Revenge or Exploitation: Some people employ catfishing to exact revenge on someone they feel has wronged them. Others use the practice to cause their own harm, whether emotional or financial. The victim of catfishing may be embarrassed, ashamed, ridiculed or depressed, which can bring joy to the perpetrator.

Escape: Many perpetrators of catfishing do so as a form of mental and emotional escape. They enter a deluded mental state in which they believe the lies they tell, and the fictitious world they’ve created. This is not a healthy reason for their actions, of course. They still harm the other party, and do nothing address the circumstances from which they desire to escape.

How Talking About Being Catfished Helped Manti Te’o to Heal

Manti Te’o in Untold: The Girlfriend Who Didn’t Exist (Photo: Netflix)

In case you missed it, a two-part Netflix documentary centers on the catfishing scam that nearly ruined the life of NFL player Manti Te’o when he was a rising star at the University of Notre Dame.

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The documentary, Untold: The Girlfriend Who Didn’t Exist, does a wonderful job of telling Te’o’s story, so we won’t delve too into the details. Suffice it to say that he was the victim of an elaborate catfishing scheme in which the person Te’o considered his long-distance girlfriend went so far as to stage her death. Te’o devoted a football season to her memory, drawing national media attention. Her death became the defining experience in his life. it’s not his time spent playing professional football, it’s the time he devoted to a fake relationship and the emotional aftermath.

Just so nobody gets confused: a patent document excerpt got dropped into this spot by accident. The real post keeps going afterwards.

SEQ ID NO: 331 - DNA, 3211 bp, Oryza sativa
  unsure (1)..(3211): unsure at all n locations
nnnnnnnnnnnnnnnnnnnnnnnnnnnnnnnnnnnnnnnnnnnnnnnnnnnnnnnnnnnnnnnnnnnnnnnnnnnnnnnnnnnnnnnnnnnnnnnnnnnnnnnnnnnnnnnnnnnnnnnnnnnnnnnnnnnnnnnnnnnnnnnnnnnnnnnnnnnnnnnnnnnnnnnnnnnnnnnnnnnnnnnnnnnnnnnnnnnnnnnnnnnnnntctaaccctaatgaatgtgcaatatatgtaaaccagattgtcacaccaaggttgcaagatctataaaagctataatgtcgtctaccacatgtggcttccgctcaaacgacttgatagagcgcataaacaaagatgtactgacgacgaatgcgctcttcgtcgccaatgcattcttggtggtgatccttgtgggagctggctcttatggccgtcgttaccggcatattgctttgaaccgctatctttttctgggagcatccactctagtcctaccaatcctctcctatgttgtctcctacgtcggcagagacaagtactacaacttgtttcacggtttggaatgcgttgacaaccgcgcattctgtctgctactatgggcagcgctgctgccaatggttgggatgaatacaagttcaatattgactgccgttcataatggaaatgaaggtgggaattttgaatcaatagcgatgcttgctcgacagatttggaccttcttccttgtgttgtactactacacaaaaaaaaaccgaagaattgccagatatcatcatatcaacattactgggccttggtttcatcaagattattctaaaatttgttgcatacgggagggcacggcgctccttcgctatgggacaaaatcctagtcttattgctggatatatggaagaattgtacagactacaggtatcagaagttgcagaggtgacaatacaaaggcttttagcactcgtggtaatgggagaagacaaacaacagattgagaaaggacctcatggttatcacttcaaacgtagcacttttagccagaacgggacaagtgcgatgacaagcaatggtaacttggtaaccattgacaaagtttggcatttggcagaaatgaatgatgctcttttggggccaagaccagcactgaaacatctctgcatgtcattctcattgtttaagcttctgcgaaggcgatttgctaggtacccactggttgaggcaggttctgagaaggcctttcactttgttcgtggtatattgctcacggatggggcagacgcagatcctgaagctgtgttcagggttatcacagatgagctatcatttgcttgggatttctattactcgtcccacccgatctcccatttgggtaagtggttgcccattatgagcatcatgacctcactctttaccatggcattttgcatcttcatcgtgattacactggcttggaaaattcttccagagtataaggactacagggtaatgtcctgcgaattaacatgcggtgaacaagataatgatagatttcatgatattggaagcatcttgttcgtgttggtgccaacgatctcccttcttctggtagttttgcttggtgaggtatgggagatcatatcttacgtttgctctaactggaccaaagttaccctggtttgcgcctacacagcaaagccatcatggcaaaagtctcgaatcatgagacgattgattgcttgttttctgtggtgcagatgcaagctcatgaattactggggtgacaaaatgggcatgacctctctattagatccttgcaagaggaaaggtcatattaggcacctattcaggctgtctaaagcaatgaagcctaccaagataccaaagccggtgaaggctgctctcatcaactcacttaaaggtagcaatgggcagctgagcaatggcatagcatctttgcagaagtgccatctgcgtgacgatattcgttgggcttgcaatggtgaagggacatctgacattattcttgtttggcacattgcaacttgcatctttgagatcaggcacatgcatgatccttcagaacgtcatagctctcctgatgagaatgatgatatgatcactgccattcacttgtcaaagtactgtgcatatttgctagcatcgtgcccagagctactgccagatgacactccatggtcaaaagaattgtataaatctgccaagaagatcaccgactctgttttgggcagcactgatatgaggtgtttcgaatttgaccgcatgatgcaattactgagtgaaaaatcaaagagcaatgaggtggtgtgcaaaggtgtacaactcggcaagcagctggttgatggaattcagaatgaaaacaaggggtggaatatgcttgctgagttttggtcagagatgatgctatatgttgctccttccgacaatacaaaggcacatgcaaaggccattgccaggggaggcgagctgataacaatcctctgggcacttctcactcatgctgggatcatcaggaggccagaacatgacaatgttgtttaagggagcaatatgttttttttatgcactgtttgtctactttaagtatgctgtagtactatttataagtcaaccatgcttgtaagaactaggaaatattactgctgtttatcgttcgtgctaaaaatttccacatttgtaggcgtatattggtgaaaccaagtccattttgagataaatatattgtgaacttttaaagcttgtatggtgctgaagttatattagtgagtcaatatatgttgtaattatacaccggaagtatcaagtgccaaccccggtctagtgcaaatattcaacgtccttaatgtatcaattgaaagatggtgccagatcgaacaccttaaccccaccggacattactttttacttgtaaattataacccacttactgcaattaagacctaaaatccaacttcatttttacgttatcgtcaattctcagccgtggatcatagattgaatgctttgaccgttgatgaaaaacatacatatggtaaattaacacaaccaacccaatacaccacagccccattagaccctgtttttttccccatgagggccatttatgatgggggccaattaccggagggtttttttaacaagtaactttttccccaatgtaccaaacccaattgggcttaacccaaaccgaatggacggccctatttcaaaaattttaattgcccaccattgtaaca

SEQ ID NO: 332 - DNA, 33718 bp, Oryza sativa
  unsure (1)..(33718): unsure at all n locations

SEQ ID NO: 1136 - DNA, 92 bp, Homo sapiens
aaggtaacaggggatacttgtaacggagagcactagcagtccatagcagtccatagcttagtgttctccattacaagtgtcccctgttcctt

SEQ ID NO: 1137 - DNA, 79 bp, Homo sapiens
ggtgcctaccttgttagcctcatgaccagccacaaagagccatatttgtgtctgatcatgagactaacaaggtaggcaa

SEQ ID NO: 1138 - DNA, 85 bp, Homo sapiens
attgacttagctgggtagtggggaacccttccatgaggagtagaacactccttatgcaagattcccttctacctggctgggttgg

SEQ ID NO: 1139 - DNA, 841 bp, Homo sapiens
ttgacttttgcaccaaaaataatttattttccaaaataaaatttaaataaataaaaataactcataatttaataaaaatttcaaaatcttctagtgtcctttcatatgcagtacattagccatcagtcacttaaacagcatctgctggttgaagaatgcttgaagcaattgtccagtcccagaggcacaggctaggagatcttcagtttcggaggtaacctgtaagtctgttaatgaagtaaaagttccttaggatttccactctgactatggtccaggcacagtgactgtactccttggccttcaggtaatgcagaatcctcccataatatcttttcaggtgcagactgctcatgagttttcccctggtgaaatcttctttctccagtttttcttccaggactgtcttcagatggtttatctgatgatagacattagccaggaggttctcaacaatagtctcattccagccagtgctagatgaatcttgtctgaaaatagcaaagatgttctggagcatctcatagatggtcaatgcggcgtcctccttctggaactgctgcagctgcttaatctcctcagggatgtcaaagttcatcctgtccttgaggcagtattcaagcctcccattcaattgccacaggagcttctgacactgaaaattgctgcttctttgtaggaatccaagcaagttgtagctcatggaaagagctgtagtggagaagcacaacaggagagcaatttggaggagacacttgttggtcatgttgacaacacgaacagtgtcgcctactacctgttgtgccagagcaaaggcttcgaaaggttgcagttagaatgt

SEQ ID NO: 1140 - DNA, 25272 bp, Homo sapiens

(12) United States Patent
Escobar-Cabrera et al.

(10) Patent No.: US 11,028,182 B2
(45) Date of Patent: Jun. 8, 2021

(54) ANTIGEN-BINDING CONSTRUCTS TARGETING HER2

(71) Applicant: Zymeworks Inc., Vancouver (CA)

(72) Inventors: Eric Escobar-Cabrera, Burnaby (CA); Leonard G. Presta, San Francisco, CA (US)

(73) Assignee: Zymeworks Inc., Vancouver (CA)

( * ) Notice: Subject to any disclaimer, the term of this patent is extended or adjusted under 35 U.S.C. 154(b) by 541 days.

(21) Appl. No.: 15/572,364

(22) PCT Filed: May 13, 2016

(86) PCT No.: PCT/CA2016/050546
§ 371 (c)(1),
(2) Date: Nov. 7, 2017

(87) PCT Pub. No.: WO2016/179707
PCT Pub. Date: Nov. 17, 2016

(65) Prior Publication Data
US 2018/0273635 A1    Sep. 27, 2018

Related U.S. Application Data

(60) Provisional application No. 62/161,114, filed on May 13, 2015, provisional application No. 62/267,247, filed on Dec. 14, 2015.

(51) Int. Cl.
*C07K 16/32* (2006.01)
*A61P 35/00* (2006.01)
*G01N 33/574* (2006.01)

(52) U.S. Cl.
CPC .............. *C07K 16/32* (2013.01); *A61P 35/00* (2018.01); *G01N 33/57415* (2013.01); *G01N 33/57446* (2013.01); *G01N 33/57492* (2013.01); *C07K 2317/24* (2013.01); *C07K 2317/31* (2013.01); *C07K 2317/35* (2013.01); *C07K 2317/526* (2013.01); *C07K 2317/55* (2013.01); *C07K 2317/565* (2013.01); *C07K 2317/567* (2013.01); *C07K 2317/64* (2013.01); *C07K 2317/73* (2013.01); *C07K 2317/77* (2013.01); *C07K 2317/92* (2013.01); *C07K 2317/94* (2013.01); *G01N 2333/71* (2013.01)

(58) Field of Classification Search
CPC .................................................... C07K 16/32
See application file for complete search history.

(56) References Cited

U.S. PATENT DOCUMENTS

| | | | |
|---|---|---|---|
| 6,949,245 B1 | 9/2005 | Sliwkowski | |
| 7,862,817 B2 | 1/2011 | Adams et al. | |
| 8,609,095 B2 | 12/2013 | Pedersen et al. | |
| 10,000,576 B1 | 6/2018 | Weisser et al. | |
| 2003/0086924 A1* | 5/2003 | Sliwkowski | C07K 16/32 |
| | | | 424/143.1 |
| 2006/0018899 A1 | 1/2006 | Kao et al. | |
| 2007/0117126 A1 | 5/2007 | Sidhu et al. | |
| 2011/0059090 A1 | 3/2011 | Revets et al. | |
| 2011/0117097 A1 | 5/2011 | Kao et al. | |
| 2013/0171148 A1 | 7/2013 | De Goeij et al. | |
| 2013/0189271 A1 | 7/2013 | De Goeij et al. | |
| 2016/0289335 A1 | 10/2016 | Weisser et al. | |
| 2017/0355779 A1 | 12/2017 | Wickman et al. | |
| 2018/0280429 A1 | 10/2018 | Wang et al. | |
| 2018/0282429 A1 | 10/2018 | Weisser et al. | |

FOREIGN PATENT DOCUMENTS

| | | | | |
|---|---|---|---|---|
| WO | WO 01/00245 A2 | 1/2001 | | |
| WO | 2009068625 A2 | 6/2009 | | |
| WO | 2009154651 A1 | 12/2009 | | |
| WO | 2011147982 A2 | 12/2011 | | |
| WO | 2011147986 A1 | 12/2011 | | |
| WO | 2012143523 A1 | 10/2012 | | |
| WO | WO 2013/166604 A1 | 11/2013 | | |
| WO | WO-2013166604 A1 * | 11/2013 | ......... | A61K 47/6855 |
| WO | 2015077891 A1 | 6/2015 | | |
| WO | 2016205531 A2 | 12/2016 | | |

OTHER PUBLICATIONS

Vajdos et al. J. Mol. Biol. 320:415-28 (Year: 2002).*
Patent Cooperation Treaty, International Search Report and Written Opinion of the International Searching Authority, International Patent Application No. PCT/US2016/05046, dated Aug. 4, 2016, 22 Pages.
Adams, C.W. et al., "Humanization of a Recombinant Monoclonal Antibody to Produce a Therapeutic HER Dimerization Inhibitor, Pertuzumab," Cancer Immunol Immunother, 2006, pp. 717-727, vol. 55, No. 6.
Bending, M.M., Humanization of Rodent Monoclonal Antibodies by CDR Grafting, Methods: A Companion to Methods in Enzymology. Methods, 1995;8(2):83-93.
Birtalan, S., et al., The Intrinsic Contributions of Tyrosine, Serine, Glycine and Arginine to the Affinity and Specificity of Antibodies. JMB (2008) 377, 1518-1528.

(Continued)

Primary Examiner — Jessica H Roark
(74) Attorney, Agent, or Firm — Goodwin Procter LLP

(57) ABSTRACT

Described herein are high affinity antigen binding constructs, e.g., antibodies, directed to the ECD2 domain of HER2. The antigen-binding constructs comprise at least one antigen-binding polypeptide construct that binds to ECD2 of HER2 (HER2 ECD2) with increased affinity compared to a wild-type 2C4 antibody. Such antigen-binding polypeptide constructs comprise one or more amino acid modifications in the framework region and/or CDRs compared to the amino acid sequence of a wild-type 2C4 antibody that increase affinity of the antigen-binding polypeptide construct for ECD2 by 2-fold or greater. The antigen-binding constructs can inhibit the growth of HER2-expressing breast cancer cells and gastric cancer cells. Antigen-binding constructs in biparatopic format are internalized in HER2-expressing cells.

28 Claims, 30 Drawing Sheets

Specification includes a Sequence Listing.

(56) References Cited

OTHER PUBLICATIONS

After participating in The Girlfriend Who Didn’t Exist, Te’o said he had forgiven the person who fooled him, and moved on with his life. If you should ever be catfished, hopefully you can do the same. Here are some tips to that end.

What to Do If You’re Catfished

Photo by Andrea Piacquadio from Pexels

So, it happened. The person you thought was the love of your life turned out to be catfishing you. What now?

The first thing to do is break off contact. Block the person on social media platforms, report them to moderators or administrators, delete their phone number and block their email address. In short, shut them out. You’ll also want to go through your social media accounts and scrub any mention of the person. Delete any photos they sent; it’s not really them anyway.

If the person has access to anything from your Netflix account to your bank account, change your passwords. Consider putting a fraud alert on your credit cards. If you fear a larger issue may loom, such as theft or threats of violence, consider filing a police report. Just make sure you have cause before so doing. A brief conversation with a lawyer may help you to decide.

Finally, take care of yourself. There can be a heavy emotional toll inflicted by catfishing. So, don’t hesitate to talk to a therapist, a religious leader, or to friends or family with whom you are comfortable. Find someone real who can support you through the anger and, yes, heartbreak, of a catfishing situation.